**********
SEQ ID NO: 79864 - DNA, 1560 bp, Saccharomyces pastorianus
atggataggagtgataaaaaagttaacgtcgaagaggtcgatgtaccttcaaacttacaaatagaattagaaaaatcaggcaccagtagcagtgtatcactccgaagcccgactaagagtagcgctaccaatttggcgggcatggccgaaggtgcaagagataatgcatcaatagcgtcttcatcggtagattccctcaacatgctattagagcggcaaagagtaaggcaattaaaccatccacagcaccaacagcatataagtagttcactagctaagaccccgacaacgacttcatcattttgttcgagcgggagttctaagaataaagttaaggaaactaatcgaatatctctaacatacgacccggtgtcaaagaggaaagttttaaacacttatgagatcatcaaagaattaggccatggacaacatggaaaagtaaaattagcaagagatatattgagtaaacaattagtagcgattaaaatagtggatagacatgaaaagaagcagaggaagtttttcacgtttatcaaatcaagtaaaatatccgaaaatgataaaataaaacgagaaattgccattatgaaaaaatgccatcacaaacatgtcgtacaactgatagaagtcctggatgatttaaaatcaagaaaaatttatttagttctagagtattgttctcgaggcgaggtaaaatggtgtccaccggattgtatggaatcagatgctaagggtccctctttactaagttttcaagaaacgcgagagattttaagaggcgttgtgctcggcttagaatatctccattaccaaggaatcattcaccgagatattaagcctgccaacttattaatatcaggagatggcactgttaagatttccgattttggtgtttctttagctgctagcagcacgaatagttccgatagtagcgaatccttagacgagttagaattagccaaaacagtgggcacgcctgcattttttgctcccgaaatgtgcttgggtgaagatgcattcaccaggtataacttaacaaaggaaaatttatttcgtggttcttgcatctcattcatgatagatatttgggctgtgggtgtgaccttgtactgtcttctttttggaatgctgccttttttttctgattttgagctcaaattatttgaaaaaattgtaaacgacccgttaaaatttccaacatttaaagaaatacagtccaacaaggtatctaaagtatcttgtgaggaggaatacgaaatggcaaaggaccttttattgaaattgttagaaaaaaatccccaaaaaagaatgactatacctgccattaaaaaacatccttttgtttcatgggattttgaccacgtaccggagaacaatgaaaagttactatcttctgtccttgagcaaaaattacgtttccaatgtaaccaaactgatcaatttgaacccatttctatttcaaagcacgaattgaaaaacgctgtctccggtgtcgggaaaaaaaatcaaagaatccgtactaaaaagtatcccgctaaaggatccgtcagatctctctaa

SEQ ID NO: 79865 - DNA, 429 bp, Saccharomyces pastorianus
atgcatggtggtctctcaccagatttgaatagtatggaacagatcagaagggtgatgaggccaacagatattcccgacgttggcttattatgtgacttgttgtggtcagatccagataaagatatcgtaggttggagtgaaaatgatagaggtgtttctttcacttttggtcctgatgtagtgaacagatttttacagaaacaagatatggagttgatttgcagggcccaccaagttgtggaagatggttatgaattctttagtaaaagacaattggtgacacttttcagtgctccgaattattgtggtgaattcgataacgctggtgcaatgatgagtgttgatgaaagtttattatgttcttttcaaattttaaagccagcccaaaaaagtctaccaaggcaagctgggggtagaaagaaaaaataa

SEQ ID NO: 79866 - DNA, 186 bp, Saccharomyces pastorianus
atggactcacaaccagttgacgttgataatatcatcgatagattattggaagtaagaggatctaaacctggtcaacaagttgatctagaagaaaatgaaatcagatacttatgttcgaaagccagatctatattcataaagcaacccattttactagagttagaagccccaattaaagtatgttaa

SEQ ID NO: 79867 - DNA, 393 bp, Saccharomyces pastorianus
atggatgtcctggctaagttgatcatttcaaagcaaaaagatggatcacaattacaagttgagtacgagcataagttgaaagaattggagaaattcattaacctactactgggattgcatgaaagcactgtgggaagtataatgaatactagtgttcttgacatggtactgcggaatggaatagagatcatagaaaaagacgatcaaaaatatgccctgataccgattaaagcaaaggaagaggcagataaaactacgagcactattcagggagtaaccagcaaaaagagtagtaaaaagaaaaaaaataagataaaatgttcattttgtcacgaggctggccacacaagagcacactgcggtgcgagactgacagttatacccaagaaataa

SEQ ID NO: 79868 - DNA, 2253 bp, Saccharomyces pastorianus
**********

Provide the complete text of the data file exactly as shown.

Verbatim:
SEQ ID NO: 79864 - DNA, 1560 bp, Saccharomyces pastorianus
atggataggagtgataaaaaagttaacgtcgaagaggtcgatgtaccttcaaacttacaaatagaattagaaaaatcaggcaccagtagcagtgtatcactccgaagcccgactaagagtagcgctaccaatttggcgggcatggccgaaggtgcaagagataatgcatcaatagcgtcttcatcggtagattccctcaacatgctattagagcggcaaagagtaaggcaattaaaccatccacagcaccaacagcatataagtagttcactagctaagaccccgacaacgacttcatcattttgttcgagcgggagttctaagaataaagttaaggaaactaatcgaatatctctaacatacgacccggtgtcaaagaggaaagttttaaacacttatgagatcatcaaagaattaggccatggacaacatggaaaagtaaaattagcaagagatatattgagtaaacaattagtagcgattaaaatagtggatagacatgaaaagaagcagaggaagtttttcacgtttatcaaatcaagtaaaatatccgaaaatgataaaataaaacgagaaattgccattatgaaaaaatgccatcacaaacatgtcgtacaactgatagaagtcctggatgatttaaaatcaagaaaaatttatttagttctagagtattgttctcgaggcgaggtaaaatggtgtccaccggattgtatggaatcagatgctaagggtccctctttactaagttttcaagaaacgcgagagattttaagaggcgttgtgctcggcttagaatatctccattaccaaggaatcattcaccgagatattaagcctgccaacttattaatatcaggagatggcactgttaagatttccgattttggtgtttctttagctgctagcagcacgaatagttccgatagtagcgaatccttagacgagttagaattagccaaaacagtgggcacgcctgcattttttgctcccgaaatgtgcttgggtgaagatgcattcaccaggtataacttaacaaaggaaaatttatttcgtggttcttgcatctcattcatgatagatatttgggctgtgggtgtgaccttgtactgtcttctttttggaatgctgccttttttttctgattttgagctcaaattatttgaaaaaattgtaaacgacccgttaaaatttccaacatttaaagaaatacagtccaacaaggtatctaaagtatcttgtgaggaggaatacgaaatggcaaaggaccttttattgaaattgttagaaaaaaatccccaaaaaagaatgactatacctgccattaaaaaacatccttttgtttcatgggattttgaccacgtaccggagaacaatgaaaagttactatcttctgtccttgagcaaaaattacgtttccaatgtaaccaaactgatcaatttgaacccatttctatttcaaagcacgaattgaaaaacgctgtctccggtgtcgggaaaaaaaatcaaagaatccgtactaaaaagtatcccgctaaaggatccgtcagatctctctaa

SEQ ID NO: 79865 - DNA, 429 bp, Saccharomyces pastorianus
atgcatggtggtctctcaccagatttgaatagtatggaacagatcagaagggtgatgaggccaacagatattcccgacgttggcttattatgtgacttgttgtggtcagatccagataaagatatcgtaggttggagtgaaaatgatagaggtgtttctttcacttttggtcctgatgtagtgaacagatttttacagaaacaagatatggagttgatttgcagggcccaccaagttgtggaagatggttatgaattctttagtaaaagacaattggtgacacttttcagtgctccgaattattgtggtgaattcgataacgctggtgcaatgatgagtgttgatgaaagtttattatgttcttttcaaattttaaagccagcccaaaaaagtctaccaaggcaagctgggggtagaaagaaaaaataa

SEQ ID NO: 79866 - DNA, 186 bp, Saccharomyces pastorianus
atggactcacaaccagttgacgttgataatatcatcgatagattattggaagtaagaggatctaaacctggtcaacaagttgatctagaagaaaatgaaatcagatacttatgttcgaaagccagatctatattcataaagcaacccattttactagagttagaagccccaattaaagtatgttaa

SEQ ID NO: 79867 - DNA, 393 bp, Saccharomyces pastorianus
atggatgtcctggctaagttgatcatttcaaagcaaaaagatggatcacaattacaagttgagtacgagcataagttgaaagaattggagaaattcattaacctactactgggattgcatgaaagcactgtgggaagtataatgaatactagtgttcttgacatggtactgcggaatggaatagagatcatagaaaaagacgatcaaaaatatgccctgataccgattaaagcaaaggaagaggcagataaaactacgagcactattcagggagtaaccagcaaaaagagtagtaaaaagaaaaaaaataagataaaatgttcattttgtcacgaggctggccacacaagagcacactgcggtgcgagactgacagttatacccaagaaataa

SEQ ID NO: 79868 - DNA, 2253 bp, Saccharomyces pastorianus